A group of U.S. Senators sent out a series of letters yesterday – including one that went to the White House – asking for more action on the Chinese drywall problem. Similar letters were sent to the U.S. Small Business Administration (SBA), the Department of the Treasury and the Department of Housing and Urban Development (HUD).
The Consumer Products Safety Commission has received 681 complaints from residents of 22 states regarding Chinese drywall. The most reports â€“ 510 â€“ have come from Florida. Homeowners have complained that fumes from the Chinese drywall produce a â€œrotten eggsâ€ odor that permeates their homes, and causes metal, including air conditioning coils and even jewelry, to corrode. Eye irritation, sinus problems and respiratory symptoms have also been reported among people living in homes containing Chinese drywall.
Recently, tests conducted by the Environmental Protection Agency revealed that Chinese-manufactured drywall contained elevated levels of strontium sulfide, as well as several organic compounds associated with the production of acrylic paint which were not present in samples of U.S.-made drywall. Recently, some concerns have arisen that some Chinese drywall could also be radioactive. According to an LA Times investigation, some Chinese drywall manufacturers used phosphogypsum â€“ a radioactive phosphorous substance â€“ to manufacture wallboard. At least four manufacturers told the Times that drywall made with phosphogypsum was shipped to the U.S. in 2006. Phosphogypsum contains radium which, over time, can increase lung cancer risks. Phosphogypsum has been banned in the U.S. for use in construction since 1989.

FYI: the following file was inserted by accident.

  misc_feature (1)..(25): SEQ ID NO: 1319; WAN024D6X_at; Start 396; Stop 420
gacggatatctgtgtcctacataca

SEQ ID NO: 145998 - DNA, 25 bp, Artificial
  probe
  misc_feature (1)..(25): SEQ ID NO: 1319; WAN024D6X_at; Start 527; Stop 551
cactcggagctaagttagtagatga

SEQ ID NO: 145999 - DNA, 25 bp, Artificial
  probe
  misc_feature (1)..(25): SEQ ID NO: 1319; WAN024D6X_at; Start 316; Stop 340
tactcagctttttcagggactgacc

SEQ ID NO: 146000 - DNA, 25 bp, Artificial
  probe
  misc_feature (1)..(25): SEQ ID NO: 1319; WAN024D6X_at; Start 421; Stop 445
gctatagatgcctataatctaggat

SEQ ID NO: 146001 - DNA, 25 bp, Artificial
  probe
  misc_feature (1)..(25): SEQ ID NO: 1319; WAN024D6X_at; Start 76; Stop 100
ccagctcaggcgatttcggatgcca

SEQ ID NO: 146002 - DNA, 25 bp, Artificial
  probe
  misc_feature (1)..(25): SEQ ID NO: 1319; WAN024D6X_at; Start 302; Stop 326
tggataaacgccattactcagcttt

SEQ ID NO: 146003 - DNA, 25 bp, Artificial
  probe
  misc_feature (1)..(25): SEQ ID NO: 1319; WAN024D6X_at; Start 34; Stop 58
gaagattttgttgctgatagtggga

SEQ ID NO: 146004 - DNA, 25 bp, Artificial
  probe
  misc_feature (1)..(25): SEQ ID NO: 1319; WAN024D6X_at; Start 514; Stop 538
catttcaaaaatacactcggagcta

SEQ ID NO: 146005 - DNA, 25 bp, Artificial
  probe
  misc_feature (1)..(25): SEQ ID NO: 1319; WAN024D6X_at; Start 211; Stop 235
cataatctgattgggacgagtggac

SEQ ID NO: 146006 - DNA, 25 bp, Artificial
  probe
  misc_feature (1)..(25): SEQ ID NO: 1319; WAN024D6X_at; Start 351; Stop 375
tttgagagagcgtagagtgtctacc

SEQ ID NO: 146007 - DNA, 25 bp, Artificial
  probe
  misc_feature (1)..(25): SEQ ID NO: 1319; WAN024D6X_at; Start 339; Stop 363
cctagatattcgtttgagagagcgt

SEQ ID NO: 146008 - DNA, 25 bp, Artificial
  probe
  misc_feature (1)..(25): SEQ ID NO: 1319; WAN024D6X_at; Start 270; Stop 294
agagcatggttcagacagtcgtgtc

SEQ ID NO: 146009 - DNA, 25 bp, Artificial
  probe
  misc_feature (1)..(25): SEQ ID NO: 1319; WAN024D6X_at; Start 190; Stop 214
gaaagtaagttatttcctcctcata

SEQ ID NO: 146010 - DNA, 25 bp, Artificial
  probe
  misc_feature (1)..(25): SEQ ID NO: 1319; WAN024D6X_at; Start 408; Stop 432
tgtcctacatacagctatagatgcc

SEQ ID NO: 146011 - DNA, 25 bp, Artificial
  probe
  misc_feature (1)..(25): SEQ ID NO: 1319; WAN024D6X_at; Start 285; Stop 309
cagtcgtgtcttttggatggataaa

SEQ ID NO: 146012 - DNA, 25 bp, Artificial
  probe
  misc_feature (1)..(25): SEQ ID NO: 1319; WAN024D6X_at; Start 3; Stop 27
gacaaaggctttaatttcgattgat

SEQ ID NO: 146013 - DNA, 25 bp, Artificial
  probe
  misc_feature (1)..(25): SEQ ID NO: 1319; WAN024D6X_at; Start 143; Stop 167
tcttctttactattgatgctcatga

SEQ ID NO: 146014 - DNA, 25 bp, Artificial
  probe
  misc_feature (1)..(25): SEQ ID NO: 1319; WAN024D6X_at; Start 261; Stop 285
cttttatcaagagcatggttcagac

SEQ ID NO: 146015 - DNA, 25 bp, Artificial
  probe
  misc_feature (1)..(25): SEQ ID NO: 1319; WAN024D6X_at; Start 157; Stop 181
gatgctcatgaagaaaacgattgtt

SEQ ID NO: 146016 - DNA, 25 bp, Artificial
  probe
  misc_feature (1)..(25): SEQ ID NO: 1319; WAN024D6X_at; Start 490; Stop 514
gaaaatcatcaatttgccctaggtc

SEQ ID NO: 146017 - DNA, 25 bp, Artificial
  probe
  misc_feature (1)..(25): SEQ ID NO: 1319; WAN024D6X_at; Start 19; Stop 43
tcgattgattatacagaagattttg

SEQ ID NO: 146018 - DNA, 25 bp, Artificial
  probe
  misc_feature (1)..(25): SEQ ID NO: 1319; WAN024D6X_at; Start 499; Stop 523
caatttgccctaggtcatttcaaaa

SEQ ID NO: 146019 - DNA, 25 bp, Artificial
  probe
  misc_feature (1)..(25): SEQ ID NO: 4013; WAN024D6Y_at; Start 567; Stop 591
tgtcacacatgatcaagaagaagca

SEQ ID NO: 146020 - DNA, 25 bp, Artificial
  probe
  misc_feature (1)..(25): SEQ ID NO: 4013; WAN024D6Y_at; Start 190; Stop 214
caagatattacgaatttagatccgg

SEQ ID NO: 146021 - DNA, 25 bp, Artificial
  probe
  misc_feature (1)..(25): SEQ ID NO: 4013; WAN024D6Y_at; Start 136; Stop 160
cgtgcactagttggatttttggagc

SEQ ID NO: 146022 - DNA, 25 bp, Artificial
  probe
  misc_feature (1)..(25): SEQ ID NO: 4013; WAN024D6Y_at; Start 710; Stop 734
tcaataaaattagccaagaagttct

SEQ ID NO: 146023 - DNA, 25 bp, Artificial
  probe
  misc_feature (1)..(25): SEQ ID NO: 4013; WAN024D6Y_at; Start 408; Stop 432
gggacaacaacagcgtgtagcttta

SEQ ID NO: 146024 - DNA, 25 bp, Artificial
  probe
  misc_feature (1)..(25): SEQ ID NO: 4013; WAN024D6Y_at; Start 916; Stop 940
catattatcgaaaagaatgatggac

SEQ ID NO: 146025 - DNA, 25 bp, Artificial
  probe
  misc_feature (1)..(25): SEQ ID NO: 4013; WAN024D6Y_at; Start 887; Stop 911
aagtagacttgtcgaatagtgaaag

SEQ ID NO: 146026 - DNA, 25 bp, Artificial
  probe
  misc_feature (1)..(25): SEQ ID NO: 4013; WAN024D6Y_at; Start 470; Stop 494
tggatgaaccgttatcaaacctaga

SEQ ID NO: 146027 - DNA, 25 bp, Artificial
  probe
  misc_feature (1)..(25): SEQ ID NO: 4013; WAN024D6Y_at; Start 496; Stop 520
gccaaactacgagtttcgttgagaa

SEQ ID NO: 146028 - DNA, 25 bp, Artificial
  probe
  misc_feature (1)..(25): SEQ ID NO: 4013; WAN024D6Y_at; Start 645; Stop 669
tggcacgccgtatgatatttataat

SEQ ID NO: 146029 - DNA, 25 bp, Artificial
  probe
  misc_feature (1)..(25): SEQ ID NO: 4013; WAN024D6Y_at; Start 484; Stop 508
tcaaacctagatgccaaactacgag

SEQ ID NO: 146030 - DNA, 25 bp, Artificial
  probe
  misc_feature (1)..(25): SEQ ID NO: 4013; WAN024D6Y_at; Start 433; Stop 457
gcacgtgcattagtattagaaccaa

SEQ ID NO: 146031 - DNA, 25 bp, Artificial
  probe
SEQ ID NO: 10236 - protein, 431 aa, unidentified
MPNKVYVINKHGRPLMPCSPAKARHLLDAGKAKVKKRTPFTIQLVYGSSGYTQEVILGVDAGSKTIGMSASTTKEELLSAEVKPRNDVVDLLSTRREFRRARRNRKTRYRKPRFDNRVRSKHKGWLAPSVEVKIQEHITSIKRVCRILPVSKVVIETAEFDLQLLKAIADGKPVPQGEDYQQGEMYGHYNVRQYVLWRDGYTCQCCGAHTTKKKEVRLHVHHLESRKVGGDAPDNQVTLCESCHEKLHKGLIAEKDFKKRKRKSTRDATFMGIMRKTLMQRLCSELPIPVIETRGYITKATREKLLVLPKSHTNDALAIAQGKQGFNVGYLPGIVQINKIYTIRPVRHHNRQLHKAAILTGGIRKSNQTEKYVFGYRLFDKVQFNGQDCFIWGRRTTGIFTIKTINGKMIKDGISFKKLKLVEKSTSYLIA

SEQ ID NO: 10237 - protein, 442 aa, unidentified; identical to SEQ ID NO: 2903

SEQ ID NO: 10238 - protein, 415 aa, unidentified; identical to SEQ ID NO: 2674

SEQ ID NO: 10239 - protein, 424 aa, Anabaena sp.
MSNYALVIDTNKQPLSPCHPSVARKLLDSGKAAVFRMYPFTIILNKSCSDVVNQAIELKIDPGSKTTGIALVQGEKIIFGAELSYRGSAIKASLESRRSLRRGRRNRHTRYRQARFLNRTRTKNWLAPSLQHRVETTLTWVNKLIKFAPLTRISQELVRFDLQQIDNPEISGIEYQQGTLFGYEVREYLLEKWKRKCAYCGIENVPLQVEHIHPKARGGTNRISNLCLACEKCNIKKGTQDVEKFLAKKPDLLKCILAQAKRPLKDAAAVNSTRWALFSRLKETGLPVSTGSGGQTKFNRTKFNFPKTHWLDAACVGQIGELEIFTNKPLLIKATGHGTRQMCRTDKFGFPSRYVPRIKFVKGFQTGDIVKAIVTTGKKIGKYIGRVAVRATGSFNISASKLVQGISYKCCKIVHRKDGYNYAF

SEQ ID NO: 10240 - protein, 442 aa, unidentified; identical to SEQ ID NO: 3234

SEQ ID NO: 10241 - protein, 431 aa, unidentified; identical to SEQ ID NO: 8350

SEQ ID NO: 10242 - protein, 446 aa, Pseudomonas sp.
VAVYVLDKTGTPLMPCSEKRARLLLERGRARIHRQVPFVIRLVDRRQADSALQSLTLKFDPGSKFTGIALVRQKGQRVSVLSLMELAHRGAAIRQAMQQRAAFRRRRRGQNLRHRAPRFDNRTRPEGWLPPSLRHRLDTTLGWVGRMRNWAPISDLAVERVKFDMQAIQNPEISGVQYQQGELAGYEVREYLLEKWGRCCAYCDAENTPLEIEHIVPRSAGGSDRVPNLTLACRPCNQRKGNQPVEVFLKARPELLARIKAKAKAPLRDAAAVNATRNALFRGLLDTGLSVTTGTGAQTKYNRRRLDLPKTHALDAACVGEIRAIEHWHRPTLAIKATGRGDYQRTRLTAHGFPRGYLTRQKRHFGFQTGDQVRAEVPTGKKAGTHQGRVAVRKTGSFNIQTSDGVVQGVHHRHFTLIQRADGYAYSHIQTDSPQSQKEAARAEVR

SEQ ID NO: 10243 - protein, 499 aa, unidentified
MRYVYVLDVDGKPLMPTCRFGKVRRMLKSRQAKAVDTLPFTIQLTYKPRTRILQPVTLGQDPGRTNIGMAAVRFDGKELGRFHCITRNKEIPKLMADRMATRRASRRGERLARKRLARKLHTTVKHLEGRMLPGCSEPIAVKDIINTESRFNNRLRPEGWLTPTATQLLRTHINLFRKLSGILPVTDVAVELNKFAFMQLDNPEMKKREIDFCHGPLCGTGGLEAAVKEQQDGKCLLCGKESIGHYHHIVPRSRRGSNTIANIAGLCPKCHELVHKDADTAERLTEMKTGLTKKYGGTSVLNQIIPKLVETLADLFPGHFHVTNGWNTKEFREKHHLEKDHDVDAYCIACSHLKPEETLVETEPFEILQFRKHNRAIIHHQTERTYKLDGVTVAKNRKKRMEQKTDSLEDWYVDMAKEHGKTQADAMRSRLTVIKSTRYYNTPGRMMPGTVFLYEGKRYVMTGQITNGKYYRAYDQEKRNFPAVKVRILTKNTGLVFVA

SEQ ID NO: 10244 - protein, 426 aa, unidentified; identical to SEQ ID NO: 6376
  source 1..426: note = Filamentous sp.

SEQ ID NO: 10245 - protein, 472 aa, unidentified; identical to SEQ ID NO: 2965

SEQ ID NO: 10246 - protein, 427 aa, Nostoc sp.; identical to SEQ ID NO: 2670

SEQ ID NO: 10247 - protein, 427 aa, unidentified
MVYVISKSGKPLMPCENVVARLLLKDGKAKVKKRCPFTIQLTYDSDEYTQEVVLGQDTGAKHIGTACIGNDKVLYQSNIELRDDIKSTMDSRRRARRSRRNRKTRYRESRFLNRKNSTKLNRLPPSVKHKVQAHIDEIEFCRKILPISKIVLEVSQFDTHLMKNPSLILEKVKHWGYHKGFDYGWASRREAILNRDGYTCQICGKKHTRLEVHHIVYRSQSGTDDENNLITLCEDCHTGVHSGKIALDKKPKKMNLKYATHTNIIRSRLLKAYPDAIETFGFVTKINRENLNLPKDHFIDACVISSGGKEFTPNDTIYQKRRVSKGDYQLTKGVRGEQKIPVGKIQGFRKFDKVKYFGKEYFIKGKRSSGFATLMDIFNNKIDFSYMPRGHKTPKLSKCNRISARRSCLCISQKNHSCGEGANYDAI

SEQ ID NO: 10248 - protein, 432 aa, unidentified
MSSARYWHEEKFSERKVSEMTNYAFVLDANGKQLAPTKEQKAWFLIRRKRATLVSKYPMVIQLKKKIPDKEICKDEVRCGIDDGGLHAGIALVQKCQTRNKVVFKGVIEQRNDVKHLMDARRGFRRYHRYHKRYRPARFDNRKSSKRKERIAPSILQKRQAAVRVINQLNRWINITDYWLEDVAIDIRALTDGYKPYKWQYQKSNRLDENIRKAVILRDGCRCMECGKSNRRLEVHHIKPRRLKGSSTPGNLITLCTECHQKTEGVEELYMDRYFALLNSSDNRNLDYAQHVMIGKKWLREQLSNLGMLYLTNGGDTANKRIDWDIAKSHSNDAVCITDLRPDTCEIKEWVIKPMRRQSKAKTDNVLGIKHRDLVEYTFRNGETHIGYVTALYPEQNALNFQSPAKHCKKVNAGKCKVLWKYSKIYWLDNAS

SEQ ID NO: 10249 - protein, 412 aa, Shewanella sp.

The letter to the White House was sent by Senator Bill Nelson, D-FL. According to Herald-Tribune.com, Nelson asked the Obama Administration to take a more active role in dealing with the Chinese drywall debacle. â€œWhat urgently is needed now is White House mobilization and coordination of all federal resources that can help homeowners,â€ Nelson wrote.
Nelson joined three other senators, Mary Landrieu D-LA, Mark Warner, D-VA., and Jim Webb, D-VA. – in writing to the other government agencies. According to Herald-Tribune.com, the Senators have asked the Small Business Administration to investigate if disaster relief loans could be made available to some Chinese drywall victims, and whether governors in states with drywall problems could declare a â€œphysical disaster declarationâ€.
The letters to the Treasury and HUD sought financial relief for homeowners who have been forced to leave their homes and must pay both rent and mortgagee payments, Herald-Tribune.com said.